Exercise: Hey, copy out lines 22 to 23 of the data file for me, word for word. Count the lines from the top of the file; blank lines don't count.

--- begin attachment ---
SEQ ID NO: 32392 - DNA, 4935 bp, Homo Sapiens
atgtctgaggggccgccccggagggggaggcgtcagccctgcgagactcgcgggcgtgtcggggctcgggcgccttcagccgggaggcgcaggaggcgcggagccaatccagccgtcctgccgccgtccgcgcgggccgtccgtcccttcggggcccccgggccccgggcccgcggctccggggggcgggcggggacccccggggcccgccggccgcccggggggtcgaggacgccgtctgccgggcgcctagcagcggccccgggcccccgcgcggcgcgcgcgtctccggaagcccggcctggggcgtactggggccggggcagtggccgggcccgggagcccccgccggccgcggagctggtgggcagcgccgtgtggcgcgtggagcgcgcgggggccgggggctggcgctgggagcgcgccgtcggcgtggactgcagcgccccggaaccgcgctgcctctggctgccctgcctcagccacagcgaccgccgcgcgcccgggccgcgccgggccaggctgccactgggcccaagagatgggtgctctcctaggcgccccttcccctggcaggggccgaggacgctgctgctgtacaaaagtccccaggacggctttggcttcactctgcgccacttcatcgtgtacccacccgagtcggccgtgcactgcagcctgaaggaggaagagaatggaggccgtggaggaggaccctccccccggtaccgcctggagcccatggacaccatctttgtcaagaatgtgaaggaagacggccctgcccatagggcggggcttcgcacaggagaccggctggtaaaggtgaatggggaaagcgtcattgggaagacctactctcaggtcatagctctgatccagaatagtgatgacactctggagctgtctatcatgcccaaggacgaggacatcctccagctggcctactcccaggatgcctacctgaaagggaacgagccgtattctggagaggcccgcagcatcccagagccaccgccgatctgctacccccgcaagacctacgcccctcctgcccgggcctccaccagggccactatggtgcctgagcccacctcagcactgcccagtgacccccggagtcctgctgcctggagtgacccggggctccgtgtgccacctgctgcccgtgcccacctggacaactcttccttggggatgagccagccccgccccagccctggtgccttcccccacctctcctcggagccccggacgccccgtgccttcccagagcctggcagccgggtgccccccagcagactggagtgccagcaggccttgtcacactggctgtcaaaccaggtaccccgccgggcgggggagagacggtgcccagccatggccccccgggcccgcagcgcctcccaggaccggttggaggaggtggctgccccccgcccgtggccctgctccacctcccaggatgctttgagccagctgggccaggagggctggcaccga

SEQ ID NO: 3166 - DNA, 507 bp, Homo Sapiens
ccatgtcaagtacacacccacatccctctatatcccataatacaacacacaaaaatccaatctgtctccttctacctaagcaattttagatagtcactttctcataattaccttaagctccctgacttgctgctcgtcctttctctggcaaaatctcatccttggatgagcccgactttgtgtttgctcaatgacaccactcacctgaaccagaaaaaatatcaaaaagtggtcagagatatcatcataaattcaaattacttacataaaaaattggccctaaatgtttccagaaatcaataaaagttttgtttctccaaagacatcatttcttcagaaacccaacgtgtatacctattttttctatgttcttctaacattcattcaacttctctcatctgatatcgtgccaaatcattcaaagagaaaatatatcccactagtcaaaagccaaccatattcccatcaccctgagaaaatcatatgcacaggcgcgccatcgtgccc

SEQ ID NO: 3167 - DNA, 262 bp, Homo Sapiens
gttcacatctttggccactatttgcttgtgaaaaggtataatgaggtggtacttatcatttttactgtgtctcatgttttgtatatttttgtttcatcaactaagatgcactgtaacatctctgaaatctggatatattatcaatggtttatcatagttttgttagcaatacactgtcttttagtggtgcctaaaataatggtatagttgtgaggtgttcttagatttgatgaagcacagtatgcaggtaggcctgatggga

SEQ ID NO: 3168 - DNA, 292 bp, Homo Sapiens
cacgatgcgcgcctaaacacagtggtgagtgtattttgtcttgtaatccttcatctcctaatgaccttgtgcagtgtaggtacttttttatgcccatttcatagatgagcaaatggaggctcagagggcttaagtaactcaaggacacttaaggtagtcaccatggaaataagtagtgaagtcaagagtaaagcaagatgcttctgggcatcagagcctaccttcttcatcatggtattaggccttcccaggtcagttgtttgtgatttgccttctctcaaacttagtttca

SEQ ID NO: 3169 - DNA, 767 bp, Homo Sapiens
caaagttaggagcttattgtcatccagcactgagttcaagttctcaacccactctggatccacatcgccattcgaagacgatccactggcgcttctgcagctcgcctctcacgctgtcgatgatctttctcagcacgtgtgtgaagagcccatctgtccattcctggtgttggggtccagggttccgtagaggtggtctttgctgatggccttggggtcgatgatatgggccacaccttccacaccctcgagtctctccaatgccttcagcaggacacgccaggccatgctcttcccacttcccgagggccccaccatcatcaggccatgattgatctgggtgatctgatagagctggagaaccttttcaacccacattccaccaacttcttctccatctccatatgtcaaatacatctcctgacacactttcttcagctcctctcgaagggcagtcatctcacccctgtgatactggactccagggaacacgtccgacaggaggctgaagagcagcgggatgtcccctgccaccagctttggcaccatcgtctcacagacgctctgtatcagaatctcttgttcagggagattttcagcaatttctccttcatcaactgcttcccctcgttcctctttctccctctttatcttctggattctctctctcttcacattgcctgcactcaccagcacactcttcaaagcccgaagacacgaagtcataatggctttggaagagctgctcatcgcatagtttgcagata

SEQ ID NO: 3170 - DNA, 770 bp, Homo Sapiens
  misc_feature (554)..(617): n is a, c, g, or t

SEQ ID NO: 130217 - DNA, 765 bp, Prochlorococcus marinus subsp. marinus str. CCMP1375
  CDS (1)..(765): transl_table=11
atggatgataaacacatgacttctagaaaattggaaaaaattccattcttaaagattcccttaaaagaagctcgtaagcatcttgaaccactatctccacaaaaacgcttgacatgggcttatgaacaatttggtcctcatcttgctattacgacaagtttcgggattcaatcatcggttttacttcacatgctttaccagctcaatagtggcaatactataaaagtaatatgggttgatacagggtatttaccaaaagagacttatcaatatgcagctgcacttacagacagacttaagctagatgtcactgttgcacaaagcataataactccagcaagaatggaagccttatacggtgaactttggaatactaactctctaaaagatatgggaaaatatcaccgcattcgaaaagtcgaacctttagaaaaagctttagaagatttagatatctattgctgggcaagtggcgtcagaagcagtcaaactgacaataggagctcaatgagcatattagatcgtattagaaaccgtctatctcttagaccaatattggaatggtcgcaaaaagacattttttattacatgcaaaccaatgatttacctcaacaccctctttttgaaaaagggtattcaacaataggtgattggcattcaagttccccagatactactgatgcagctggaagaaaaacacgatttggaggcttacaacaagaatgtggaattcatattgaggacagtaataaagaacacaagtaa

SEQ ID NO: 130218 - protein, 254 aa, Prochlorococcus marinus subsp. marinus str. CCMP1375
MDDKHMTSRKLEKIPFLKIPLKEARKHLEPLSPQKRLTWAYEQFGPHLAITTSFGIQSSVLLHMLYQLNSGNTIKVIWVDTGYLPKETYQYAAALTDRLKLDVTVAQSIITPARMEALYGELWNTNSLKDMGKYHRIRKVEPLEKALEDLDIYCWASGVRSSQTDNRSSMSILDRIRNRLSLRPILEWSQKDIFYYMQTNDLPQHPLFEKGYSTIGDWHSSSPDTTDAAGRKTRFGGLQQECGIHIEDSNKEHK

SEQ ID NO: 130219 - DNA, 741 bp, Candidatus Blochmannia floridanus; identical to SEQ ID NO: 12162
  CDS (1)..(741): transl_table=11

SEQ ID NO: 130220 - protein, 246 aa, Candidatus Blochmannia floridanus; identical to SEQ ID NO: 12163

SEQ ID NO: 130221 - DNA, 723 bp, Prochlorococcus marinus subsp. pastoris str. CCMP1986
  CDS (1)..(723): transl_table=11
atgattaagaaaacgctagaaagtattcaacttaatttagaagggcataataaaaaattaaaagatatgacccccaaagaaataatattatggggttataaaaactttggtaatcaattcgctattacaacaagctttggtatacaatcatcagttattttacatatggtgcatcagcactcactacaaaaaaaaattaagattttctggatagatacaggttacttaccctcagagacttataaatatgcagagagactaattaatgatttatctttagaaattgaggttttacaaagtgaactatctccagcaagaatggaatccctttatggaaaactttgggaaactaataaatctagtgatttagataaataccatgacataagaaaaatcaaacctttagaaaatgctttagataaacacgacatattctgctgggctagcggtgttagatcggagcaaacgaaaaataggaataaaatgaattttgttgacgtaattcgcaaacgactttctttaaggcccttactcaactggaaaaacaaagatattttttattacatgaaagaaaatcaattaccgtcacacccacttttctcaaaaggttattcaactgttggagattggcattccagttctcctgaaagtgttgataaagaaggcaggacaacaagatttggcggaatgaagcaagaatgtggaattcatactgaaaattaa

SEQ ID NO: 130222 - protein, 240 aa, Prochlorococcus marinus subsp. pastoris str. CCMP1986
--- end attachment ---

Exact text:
  CDS (1)..(723): transl_table=11
atgattaagaaaacgctagaaagtattcaacttaatttagaagggcataataaaaaattaaaagatatgacccccaaagaaataatattatggggttataaaaactttggtaatcaattcgctattacaacaagctttggtatacaatcatcagttattttacatatggtgcatcagcactcactacaaaaaaaaattaagattttctggatagatacaggttacttaccctcagagacttataaatatgcagagagactaattaatgatttatctttagaaattgaggttttacaaagtgaactatctccagcaagaatggaatccctttatggaaaactttgggaaactaataaatctagtgatttagataaataccatgacataagaaaaatcaaacctttagaaaatgctttagataaacacgacatattctgctgggctagcggtgttagatcggagcaaacgaaaaataggaataaaatgaattttgttgacgtaattcgcaaacgactttctttaaggcccttactcaactggaaaaacaaagatattttttattacatgaaagaaaatcaattaccgtcacacccacttttctcaaaaggttattcaactgttggagattggcattccagttctcctgaaagtgttgataaagaaggcaggacaacaagatttggcggaatgaagcaagaatgtggaattcatactgaaaattaa